The compound personal pronouns are made by adding the suffix -self or -selves to the appropriate form of the simple pronouns.
In the first and second persons, the suffix is added to the possessive case: myself, ourselves, yourself, yourselves. In the third person the suffix is added to the objective case: himself, herself, itself, themselves. Do not use the forms hisself and theirselves, for they are considered illiterate.
The case of the simple pronoun to which the suffix is added does not correspond to the case of the completed compound pronoun.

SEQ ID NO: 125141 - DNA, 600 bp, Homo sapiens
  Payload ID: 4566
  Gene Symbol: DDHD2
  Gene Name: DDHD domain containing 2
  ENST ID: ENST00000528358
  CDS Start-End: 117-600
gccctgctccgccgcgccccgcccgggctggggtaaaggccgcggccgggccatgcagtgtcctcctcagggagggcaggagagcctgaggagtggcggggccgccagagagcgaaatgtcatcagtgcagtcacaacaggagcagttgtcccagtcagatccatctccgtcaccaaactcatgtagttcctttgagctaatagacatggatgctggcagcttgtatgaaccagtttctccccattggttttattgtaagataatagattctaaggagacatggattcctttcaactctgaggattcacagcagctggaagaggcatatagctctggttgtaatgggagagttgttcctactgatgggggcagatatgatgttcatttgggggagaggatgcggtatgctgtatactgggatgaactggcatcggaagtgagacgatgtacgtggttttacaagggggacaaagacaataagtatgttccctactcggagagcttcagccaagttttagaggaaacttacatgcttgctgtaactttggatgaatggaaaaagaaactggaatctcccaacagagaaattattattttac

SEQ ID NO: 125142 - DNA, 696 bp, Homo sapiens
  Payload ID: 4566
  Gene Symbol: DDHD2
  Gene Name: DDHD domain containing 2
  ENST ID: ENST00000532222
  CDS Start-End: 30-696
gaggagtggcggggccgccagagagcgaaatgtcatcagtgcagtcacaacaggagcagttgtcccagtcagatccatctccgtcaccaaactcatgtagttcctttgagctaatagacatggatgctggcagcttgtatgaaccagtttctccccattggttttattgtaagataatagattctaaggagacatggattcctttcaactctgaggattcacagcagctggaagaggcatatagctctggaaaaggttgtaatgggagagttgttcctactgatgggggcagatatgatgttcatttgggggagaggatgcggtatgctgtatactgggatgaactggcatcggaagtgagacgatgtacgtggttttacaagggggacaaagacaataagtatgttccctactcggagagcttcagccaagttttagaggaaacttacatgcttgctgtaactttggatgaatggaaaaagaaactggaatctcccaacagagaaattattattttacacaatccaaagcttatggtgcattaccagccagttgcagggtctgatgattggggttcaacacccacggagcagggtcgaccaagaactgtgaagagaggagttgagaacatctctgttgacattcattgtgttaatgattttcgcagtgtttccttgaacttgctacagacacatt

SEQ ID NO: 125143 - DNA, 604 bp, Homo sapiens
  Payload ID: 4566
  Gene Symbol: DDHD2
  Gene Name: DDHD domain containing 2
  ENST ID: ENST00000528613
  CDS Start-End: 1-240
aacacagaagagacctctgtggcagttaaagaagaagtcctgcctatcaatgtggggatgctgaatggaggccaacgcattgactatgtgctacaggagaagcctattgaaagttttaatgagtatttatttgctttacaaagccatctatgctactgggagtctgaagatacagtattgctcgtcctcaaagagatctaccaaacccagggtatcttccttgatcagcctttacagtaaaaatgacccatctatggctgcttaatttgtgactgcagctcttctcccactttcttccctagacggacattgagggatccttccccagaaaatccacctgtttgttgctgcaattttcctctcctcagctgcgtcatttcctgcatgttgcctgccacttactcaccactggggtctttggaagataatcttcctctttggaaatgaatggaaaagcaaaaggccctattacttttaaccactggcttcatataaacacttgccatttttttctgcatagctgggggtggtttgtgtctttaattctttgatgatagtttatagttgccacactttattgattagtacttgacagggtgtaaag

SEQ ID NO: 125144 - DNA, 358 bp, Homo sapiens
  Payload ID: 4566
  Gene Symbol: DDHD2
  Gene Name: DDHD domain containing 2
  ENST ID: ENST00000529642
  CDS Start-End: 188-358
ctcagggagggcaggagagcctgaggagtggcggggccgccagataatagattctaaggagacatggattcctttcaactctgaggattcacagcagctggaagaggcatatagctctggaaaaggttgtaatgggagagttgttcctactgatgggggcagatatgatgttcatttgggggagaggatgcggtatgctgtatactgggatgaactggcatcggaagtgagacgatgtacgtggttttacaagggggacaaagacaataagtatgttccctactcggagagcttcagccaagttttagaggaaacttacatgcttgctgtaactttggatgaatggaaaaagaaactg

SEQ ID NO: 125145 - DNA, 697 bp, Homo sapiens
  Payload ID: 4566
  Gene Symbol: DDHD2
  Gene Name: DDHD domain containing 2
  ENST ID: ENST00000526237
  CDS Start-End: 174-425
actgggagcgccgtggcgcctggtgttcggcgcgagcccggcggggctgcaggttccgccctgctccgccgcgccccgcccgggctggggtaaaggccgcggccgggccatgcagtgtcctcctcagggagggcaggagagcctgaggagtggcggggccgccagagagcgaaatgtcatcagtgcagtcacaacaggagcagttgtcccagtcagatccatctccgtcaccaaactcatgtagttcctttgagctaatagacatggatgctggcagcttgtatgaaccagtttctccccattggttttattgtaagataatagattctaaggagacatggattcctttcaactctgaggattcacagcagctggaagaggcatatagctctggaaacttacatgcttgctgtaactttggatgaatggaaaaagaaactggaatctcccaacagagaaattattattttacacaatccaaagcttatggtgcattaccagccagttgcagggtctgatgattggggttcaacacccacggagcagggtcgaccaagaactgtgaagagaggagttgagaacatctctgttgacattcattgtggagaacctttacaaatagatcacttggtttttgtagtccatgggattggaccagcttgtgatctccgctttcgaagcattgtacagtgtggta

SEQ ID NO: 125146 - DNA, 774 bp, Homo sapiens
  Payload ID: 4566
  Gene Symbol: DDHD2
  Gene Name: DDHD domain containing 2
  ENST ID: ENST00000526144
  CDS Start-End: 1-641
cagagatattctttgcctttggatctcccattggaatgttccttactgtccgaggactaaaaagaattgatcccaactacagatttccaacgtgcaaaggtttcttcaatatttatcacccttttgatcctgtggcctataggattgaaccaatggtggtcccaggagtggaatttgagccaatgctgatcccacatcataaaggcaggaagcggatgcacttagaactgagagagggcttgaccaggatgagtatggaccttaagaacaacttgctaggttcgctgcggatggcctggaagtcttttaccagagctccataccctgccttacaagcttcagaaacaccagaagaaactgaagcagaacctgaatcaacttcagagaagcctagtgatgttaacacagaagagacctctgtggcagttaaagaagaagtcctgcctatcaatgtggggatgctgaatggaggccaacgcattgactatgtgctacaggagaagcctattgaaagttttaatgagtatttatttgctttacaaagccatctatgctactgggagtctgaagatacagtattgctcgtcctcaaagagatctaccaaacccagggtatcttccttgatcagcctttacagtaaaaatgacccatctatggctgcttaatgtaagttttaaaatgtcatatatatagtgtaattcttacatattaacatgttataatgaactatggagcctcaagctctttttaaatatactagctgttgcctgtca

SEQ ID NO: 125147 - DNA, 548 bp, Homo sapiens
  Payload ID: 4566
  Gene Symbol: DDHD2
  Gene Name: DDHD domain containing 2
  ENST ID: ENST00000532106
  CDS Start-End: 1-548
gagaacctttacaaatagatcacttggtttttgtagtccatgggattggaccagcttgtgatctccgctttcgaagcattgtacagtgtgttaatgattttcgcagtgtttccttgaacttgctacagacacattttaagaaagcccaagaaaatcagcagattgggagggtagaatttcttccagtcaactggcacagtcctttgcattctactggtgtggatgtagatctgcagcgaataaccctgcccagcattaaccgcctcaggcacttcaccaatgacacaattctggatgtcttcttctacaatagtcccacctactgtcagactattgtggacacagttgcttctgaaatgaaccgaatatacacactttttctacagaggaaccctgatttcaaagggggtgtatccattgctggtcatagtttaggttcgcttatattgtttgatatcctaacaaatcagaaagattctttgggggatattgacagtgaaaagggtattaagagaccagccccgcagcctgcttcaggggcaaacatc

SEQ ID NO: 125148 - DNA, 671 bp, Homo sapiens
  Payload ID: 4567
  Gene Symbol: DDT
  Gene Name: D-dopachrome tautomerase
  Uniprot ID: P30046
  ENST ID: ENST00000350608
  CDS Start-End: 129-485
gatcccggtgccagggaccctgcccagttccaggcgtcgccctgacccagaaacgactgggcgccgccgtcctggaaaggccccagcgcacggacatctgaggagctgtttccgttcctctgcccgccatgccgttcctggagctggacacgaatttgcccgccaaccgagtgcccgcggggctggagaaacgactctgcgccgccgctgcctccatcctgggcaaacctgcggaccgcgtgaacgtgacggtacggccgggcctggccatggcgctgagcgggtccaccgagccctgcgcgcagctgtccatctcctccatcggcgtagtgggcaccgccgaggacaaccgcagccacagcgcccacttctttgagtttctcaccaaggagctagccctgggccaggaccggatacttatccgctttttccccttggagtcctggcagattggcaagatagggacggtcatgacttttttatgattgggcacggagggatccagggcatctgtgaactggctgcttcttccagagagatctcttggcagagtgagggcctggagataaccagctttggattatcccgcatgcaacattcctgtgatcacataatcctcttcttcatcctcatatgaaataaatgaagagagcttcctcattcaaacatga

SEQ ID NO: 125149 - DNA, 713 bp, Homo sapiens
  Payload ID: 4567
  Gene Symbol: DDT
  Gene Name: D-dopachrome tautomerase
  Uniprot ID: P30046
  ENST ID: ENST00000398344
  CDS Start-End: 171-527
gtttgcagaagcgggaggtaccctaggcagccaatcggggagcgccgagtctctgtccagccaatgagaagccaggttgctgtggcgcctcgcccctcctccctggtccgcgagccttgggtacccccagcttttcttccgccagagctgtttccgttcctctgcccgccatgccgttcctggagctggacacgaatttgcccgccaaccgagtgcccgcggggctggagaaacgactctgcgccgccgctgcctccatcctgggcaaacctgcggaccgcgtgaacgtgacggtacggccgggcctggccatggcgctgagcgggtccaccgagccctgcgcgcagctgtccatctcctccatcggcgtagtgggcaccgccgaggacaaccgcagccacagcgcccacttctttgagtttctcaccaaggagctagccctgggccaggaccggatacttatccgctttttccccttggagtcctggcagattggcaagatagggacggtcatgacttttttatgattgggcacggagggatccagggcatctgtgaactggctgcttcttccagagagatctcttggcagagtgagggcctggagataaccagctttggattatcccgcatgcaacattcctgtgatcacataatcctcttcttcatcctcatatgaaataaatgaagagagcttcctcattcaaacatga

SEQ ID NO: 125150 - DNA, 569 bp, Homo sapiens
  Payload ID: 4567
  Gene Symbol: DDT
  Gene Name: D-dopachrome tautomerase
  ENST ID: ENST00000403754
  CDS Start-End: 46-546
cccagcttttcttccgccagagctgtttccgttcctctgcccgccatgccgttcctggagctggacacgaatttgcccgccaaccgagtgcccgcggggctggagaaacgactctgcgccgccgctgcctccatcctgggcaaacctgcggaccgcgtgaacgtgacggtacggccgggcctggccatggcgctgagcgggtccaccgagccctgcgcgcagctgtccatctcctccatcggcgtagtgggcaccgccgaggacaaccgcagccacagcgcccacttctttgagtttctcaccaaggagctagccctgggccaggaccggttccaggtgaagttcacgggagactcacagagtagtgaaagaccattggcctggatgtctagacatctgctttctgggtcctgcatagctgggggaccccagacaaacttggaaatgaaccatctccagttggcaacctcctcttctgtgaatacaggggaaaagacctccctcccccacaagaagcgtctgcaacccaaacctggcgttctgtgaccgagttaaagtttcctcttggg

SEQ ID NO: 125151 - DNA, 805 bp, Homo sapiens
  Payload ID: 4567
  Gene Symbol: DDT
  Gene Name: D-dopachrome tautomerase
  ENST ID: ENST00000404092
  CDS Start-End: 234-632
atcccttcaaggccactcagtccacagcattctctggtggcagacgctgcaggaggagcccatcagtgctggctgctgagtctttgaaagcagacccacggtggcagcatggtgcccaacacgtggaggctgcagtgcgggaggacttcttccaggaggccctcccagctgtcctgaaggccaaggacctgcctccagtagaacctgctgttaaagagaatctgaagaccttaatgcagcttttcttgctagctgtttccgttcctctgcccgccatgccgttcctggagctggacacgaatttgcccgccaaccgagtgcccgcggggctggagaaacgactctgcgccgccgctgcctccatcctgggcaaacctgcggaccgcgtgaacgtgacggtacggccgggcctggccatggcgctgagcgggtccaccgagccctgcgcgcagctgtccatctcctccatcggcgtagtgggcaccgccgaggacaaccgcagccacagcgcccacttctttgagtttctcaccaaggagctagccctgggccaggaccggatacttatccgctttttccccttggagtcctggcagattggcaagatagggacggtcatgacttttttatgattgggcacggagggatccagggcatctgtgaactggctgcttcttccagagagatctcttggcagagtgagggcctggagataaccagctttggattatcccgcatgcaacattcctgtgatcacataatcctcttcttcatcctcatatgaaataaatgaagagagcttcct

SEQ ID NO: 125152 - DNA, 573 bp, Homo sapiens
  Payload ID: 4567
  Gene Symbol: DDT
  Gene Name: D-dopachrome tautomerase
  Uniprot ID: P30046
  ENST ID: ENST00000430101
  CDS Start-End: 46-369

Although the suffix is added to the possessive case in the first and second persons, the resulting compound forms are not in the possessive case; they are in either the nominative or objective case, depending on their use in the sentence.
I myself will be held responsible (nominative—in apposition with the subject I).
I must have been kidding myself (objective—object of the verb).
Likewise, the third person forms, made from the objective case of the simple pronouns, are either nominative or objective, depending on their use in the sentence.
She herself will arrange the meeting (nominative—in apposition with the subject).
He made the desk for himself (objective—object of the preposition).
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